“When we started in 2001, the idea behind it was, how do we make driving a motorcycle as safe driving a car,“ said Garet Tomlinson of Alpinestar. “How do we envelope somebody in a new level of protection whether they are on the track or riding to work?”
The first iteration of the system was launched in 2009, and underwent many changes since that time as data on different crash scenarios were gathered and analyzed.
The current model has two versions: race and street. The Race system is designed for use on the track while the Street system is best suited for touring and basic day-to-day riding. Both systems offer the same amount of protection coverage but are programmed for optimum operation for their designated environments. Riders can expect the lithium-ion battery system to provide about four hours of power.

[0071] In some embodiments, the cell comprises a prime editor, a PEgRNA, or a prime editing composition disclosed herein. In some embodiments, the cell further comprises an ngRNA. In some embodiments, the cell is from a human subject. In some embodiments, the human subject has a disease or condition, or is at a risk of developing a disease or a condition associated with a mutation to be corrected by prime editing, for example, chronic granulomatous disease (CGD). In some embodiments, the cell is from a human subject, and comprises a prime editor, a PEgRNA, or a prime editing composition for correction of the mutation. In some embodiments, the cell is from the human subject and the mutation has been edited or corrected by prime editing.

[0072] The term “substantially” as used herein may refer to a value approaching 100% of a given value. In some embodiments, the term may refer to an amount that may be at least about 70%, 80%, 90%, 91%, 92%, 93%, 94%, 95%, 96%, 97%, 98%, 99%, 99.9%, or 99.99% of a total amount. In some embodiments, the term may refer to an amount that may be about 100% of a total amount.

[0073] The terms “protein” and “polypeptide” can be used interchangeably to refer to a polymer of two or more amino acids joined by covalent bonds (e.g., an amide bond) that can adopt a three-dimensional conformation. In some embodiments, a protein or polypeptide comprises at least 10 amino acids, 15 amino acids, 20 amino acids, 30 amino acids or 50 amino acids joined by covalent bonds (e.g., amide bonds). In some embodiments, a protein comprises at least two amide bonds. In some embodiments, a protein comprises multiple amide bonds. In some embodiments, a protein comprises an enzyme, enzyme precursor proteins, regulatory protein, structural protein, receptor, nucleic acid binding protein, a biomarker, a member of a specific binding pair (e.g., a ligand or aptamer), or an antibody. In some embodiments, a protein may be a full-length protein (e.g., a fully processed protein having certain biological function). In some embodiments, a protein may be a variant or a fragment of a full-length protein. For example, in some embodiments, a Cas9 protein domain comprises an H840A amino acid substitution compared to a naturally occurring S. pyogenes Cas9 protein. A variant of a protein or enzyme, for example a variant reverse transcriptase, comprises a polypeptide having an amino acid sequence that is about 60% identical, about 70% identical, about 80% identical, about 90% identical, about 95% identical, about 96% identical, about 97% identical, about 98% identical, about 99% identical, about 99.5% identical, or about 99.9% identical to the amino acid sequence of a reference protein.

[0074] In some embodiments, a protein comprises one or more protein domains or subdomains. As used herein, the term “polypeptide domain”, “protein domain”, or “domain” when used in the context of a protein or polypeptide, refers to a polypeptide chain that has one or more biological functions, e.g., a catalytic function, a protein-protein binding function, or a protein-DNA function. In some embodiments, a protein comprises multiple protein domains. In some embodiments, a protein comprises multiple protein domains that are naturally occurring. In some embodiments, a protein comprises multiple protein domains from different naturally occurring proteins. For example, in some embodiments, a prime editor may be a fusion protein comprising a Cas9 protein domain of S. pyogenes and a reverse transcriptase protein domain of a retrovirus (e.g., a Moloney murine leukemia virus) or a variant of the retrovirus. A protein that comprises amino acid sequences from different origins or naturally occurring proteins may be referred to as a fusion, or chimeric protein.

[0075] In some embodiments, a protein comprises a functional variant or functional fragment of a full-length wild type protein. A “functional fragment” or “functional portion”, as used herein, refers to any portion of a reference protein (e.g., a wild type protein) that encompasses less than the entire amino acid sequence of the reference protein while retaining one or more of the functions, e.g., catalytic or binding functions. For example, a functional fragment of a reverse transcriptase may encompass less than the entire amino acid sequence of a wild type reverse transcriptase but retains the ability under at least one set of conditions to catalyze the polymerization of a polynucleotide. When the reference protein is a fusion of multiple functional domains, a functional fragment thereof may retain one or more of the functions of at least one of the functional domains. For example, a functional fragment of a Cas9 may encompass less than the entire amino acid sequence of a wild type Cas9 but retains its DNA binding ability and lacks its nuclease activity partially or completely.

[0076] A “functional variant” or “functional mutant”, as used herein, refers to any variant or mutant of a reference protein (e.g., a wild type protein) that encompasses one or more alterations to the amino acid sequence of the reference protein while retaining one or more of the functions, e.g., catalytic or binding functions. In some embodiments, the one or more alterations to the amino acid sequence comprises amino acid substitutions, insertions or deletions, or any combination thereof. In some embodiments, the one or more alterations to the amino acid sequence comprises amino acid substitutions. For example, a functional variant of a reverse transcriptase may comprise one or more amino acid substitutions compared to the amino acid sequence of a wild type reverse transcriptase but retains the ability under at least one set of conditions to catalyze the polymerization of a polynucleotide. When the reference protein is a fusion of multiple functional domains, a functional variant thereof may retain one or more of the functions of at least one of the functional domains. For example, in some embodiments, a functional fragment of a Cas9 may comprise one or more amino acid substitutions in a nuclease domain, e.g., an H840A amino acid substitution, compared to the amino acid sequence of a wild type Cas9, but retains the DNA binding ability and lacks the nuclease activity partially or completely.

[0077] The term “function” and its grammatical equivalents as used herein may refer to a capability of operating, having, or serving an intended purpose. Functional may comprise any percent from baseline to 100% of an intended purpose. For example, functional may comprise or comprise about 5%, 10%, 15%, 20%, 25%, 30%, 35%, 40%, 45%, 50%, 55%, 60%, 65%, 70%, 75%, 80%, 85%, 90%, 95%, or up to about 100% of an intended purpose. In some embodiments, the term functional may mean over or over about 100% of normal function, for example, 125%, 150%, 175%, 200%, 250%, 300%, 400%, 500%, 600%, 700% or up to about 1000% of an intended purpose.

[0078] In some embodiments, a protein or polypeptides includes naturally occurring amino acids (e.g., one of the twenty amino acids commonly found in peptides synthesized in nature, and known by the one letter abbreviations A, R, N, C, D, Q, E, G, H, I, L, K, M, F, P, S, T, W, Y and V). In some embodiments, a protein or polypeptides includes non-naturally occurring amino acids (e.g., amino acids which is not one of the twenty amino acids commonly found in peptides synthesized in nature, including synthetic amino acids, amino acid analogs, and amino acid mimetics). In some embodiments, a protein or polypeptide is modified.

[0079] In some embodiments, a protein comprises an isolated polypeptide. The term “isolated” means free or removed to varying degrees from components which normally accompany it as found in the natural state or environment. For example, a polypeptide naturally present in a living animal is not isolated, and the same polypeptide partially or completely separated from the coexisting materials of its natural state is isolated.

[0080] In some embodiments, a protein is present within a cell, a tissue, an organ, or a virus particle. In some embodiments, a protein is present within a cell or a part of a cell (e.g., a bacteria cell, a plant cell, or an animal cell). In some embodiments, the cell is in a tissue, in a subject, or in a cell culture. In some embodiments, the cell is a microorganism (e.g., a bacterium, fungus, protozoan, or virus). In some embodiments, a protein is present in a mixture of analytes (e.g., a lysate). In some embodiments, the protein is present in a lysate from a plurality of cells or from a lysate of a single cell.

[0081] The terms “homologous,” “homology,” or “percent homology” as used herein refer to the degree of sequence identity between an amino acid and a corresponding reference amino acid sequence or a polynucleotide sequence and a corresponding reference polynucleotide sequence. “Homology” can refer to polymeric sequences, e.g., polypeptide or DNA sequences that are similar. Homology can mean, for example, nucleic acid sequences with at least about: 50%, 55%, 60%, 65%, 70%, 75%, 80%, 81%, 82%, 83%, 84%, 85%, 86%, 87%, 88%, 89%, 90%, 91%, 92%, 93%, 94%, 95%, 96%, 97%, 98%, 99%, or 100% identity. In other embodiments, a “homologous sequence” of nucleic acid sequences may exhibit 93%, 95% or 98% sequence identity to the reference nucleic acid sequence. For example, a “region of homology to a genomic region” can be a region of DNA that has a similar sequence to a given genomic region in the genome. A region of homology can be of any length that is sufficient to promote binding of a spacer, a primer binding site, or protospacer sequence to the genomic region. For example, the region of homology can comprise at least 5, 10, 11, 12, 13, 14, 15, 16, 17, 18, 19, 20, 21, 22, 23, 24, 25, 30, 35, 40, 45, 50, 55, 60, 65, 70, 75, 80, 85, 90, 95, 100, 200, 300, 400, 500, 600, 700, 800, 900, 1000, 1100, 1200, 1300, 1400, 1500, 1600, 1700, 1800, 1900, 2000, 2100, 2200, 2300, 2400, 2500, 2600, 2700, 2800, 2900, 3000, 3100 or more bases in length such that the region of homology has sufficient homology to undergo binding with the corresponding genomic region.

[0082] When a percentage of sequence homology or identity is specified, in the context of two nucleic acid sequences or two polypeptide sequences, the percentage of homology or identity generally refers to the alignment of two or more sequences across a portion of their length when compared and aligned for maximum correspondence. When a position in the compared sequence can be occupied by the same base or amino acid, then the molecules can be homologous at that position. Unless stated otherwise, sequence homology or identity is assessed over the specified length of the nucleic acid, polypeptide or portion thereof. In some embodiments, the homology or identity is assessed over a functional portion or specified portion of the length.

“I am still amazed that it boils down to a mathematical algorithm.” Alpinestar started out as racing technology company and the algorithm was designed for that purpose. When they later ported it onto a street system, so many more scenarios needed to be considered to make the systems safe and a different algorithm was developed.”
Other manufacturers are also racing to take the lead in this niche market. Dainese, an Italian based firm, began active testing of their D-Air system over 10 years ago, and has been winning customers in both the motorsports and snowsports sectors. Dainese has not yet made their product widely available to Canadian consumers, although Canadian alpine ski racer Eric Guay boasted about their wearable airbag technology in a 2015 interview with CNN.
So what does the future look like for this exciting safety technology? Off-road and motor-cross applications are already being explored, while the technology is also making inroads in the equestrian community.
While safety gear is clearly an important factor in reducing the number of accidents and injuries sustained by motorcyclists, it cannot compensate for reckless riding. Safety is as much a matter of remaining in control of the motorcycle as it is using technologically enhanced gear.